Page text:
Brilliant New Engine Hiding in Plain Sight
THE C-CLASS is big business for Mercedes-Benz. Last year, it sold 415,000 globally, while making regular appearances in the top 10 UK best-sellers list. In its quest to best the Audi A4/A5 and BMW 3- and 4-series, Mercedes has played it safe with this mid-life refresh,
concentrating on tech and efficiency while keeping many of the fundamentals the same.
Mercedes says that 6500 components have been changed or improved, and that 80 per cent of the electronics architecture is all-new. It doesn't look that way: you get new headlamps, bumpers, driver-assistance tech, and an optional digital dash.
You can't help but feel that the importance of this update doesn't show on the outside.
The diesel range has been slimmed down, the C43 gets a little more power, and a new engine arrives for the entry-level C200. And here's where the real interest lies: it's a 1.5-litre fourcylinder petrol with a twin-scroll turbo and a mild-hybrid system known as EQ Boost. Based on a 48-volt electrical architecture, EQ Boost is a powerful integrated starter/generator (ISG) designed to boost torque and power.
It punches well for its size, with 182bhp and 207lb ft. Although it's the C-Class entry point, a maximum speed of 147mph and 0-62mph in 7.5sec are more than adequate. Claimed combined fuel consumption of 46.3mpg and 140g/km C02 (on WLTP measurements) are decent and suggest good real-world potential.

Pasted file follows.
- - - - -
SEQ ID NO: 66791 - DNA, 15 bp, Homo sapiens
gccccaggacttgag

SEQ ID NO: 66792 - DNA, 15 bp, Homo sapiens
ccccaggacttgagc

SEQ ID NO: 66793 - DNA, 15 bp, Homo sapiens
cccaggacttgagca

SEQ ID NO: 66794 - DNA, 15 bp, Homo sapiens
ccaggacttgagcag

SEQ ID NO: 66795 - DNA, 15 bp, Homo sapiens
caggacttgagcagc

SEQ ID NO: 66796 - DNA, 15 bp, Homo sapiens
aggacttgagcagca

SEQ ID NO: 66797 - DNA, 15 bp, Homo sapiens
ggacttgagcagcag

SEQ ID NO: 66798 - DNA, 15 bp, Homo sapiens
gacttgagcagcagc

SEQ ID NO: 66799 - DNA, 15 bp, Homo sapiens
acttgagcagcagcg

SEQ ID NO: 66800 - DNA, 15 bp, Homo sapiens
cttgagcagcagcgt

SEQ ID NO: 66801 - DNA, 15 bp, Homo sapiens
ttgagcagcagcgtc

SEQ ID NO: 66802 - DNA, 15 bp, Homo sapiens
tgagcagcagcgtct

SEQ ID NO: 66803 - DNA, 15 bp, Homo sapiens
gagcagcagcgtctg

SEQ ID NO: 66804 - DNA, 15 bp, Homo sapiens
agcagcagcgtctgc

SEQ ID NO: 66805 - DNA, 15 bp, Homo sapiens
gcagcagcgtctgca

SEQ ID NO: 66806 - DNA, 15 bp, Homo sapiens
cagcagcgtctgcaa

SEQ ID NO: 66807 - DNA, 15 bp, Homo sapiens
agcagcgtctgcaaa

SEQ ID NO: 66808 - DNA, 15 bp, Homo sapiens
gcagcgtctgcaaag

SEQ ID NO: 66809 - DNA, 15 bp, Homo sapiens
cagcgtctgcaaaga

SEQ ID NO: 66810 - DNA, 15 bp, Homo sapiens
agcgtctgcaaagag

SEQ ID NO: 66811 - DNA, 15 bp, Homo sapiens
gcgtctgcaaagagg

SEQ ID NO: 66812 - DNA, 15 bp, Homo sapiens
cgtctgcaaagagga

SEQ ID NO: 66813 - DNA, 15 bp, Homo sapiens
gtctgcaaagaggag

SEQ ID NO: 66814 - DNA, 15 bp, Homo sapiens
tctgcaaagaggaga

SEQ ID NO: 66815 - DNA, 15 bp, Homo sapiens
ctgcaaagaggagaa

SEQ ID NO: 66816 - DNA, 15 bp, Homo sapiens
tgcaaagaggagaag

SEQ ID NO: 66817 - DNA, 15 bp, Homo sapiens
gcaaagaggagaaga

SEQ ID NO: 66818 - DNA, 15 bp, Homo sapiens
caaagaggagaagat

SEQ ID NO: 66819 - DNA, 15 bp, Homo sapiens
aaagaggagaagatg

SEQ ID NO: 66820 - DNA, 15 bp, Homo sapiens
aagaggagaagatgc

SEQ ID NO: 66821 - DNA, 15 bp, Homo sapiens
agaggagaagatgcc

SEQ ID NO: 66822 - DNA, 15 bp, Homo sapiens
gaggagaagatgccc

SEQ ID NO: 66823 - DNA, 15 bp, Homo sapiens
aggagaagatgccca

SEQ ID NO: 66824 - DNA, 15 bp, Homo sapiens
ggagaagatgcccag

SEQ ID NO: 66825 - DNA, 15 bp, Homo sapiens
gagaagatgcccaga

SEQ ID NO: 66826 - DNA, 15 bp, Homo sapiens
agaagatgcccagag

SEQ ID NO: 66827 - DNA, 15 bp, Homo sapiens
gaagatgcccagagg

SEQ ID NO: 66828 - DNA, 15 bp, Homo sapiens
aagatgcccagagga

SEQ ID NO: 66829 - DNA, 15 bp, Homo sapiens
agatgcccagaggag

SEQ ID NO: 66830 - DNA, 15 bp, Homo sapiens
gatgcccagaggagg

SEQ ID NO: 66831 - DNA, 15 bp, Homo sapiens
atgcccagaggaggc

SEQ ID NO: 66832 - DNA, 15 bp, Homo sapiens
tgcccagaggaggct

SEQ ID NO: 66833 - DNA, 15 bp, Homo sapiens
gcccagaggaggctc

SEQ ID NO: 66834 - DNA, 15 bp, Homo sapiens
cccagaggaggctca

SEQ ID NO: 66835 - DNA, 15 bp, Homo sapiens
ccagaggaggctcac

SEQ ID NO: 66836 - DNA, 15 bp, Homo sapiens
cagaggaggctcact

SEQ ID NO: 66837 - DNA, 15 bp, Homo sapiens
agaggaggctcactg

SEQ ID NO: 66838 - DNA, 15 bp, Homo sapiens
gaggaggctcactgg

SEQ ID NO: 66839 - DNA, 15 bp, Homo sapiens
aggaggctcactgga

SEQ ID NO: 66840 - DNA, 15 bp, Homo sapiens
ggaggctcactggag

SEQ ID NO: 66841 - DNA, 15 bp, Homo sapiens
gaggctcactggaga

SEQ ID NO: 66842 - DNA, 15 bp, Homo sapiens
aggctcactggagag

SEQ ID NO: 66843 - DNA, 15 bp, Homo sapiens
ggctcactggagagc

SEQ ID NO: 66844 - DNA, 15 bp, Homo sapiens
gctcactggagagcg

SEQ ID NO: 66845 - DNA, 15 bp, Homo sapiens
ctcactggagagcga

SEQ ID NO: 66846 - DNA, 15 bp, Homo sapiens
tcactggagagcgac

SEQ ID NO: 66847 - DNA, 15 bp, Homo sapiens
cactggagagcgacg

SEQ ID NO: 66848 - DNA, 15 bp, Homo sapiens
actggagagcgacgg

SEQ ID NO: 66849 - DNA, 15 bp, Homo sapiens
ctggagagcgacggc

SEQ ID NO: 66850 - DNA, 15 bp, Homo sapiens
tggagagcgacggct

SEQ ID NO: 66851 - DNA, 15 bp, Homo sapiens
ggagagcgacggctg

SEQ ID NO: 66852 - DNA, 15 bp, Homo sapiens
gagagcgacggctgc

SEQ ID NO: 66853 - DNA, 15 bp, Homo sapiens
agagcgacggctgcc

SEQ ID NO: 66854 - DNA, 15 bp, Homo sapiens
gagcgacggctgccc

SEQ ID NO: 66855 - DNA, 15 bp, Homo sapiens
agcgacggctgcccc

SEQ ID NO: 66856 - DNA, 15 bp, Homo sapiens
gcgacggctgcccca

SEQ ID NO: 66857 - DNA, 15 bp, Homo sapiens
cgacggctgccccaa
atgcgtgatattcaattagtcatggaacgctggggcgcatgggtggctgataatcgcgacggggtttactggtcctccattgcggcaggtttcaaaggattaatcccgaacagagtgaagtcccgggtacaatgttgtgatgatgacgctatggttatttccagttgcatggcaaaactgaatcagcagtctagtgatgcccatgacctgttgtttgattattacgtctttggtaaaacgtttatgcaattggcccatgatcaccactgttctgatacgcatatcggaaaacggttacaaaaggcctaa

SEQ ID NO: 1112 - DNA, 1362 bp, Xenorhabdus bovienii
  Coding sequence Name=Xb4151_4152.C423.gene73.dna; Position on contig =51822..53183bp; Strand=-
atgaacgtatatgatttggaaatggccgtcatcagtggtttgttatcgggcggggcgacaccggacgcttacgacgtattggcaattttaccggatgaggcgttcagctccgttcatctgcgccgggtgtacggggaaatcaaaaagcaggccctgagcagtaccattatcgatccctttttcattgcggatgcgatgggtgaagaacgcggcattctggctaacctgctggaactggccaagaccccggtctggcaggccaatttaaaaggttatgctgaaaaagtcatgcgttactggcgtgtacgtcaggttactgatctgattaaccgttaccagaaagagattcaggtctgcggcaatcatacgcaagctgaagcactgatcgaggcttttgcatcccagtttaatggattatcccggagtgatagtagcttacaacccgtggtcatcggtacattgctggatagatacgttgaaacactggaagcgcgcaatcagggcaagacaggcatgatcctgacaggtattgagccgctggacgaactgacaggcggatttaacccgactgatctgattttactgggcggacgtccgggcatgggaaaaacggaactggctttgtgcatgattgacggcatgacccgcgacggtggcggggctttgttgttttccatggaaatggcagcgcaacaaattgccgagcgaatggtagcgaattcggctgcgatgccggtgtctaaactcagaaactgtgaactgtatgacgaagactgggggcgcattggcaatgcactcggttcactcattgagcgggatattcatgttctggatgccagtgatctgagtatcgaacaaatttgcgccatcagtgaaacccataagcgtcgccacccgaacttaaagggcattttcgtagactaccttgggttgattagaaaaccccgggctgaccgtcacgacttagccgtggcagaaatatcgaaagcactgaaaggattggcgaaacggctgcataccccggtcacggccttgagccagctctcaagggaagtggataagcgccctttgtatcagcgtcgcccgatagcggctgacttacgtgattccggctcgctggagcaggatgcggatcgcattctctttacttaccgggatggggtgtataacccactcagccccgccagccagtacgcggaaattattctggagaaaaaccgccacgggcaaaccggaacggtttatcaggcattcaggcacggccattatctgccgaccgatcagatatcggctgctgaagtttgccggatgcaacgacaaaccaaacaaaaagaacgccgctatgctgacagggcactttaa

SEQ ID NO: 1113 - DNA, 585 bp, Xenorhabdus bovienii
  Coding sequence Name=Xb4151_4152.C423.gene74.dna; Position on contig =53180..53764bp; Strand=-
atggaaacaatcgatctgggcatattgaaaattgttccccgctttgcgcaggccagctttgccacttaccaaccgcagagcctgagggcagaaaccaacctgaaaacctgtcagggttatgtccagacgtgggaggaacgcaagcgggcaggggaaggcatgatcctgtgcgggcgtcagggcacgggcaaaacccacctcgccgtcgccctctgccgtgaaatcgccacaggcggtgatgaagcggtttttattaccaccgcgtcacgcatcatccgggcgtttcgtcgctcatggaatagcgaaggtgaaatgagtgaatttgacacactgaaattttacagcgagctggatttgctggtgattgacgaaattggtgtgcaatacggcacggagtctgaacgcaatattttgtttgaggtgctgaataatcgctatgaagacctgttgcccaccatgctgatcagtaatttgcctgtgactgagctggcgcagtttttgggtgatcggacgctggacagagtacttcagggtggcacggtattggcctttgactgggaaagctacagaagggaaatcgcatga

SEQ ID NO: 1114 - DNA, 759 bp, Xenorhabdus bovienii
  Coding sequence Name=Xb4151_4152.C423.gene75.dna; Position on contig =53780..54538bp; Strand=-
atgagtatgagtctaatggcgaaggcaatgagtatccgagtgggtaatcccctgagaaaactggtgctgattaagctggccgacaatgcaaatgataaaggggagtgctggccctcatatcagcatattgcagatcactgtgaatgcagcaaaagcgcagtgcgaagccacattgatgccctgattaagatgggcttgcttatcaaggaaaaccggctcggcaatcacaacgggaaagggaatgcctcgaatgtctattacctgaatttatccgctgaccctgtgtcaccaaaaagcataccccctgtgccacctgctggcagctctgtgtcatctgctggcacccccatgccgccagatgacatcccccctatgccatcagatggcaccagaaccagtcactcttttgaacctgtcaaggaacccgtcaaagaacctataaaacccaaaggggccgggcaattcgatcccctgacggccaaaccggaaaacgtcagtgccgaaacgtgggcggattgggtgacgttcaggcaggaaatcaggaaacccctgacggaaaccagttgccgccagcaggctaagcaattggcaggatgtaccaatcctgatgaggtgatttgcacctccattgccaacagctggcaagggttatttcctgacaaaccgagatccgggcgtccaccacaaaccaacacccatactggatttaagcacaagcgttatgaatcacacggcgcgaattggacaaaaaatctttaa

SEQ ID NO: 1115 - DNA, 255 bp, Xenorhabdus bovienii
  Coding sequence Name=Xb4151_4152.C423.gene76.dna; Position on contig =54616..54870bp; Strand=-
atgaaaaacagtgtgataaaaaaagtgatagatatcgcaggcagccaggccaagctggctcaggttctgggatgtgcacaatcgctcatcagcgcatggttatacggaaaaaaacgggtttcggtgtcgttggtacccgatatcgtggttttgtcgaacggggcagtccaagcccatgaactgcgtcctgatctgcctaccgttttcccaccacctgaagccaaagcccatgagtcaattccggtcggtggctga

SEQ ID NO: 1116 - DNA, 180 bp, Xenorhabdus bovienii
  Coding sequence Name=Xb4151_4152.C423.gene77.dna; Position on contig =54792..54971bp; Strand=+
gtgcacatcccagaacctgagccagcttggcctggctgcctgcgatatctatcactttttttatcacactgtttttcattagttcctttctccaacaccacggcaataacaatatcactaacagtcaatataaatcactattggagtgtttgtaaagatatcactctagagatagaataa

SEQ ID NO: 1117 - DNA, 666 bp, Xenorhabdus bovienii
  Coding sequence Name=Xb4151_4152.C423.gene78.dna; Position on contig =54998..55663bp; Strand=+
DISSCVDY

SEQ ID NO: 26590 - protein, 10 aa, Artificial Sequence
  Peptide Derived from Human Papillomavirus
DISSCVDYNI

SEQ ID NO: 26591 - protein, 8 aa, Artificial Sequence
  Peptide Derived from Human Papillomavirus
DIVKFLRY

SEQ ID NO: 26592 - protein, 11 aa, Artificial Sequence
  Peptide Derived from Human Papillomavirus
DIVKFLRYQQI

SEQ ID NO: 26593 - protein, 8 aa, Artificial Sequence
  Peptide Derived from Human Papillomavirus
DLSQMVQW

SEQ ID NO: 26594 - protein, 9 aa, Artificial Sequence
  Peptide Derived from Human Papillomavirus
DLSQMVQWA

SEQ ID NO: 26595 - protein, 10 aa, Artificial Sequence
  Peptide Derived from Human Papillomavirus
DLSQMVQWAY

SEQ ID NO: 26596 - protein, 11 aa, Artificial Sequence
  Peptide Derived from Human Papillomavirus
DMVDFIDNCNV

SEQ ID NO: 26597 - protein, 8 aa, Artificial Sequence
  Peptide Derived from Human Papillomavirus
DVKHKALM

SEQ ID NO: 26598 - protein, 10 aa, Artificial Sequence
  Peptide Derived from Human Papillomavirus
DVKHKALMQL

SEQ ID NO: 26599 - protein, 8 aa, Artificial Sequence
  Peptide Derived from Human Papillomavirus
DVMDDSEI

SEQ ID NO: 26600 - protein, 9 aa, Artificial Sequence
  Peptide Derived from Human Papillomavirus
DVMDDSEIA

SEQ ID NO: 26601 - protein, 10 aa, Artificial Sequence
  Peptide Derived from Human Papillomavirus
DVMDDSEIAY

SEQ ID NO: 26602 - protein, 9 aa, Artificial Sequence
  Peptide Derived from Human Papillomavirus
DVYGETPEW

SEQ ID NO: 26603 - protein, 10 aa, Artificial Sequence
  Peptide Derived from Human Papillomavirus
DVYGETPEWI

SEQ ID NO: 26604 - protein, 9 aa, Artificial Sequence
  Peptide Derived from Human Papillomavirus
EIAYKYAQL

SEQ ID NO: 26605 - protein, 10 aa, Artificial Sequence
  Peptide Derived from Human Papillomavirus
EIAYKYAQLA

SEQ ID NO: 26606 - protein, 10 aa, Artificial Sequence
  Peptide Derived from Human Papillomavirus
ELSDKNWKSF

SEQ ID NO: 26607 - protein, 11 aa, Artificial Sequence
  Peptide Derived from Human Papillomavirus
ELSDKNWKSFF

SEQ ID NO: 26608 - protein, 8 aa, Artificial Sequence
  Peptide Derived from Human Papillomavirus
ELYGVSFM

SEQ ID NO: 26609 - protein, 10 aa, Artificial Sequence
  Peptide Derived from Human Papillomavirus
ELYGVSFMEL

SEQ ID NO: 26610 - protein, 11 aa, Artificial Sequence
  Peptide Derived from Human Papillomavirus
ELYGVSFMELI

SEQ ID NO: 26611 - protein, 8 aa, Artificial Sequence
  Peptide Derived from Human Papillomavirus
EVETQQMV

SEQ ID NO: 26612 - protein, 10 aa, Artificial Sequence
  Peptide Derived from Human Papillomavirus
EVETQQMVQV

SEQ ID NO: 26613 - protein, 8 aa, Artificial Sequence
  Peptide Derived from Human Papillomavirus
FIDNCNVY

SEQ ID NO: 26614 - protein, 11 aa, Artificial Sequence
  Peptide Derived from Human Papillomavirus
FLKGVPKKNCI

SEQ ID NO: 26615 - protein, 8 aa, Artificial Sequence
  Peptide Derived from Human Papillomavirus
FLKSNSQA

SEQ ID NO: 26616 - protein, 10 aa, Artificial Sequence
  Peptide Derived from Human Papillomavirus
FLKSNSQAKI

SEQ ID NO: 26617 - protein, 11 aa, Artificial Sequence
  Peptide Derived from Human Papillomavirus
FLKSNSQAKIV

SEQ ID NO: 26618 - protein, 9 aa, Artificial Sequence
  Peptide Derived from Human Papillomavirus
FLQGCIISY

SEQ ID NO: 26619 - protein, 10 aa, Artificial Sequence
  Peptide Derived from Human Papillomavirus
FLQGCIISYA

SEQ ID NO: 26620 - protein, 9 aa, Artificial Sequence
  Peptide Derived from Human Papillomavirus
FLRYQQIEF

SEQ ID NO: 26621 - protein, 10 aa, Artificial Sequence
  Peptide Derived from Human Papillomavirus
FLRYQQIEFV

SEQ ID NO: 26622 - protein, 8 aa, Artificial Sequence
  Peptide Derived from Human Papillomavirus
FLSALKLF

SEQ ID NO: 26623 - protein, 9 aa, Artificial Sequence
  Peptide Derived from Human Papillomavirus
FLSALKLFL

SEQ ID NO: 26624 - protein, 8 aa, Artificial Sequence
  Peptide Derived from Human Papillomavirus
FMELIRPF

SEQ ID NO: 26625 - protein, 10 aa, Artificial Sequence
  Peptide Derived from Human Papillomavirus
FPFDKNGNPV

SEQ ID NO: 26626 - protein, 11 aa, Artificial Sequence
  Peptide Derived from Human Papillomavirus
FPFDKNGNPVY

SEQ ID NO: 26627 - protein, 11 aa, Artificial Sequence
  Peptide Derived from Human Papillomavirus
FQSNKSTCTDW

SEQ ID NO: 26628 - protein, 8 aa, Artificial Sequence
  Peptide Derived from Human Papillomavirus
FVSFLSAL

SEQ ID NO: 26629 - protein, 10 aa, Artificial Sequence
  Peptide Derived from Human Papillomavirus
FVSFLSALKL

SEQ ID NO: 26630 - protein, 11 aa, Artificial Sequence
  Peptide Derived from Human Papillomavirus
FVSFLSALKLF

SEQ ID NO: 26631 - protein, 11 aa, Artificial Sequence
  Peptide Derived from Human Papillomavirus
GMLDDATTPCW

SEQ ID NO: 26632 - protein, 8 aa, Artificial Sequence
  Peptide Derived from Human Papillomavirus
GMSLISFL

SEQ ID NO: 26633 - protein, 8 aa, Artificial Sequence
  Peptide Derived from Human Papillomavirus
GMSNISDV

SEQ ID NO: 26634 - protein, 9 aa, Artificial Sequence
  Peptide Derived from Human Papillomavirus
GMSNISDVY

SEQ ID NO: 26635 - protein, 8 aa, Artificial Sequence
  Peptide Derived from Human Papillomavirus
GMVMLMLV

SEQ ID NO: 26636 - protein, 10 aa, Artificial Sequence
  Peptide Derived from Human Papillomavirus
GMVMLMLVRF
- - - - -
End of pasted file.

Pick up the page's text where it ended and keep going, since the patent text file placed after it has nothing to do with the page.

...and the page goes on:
On the road, it's business as usual. The C-Class remains the choice for junior execs who want a more relaxed and hushed drive.
The engine is muted, and never feels short of power, with decent A-road pace and good reserves at motorway speeds.
A lack of engine refinement lets things down, as does its inert steering. But EQ Boost aids acceleration and seamlessly cuts the engine when you're coasting and don't need any extra propulsion. It's a clever little engine and gives Mercedes-Benz something interesting to offer all those in the process of ditching their diesels.
As an all-rounder, the C-Class was already near the top of the junior executive class. This facelift is a case of job done, bringing the C-Class at least level with the best. It's easy to live with, quiet and relaxed - and thanks to the arrival of the C200, has a petrol engine with near-diesel economy and punchy performance too, even if it can't quite boast perfect refinement. KEITH ADAMS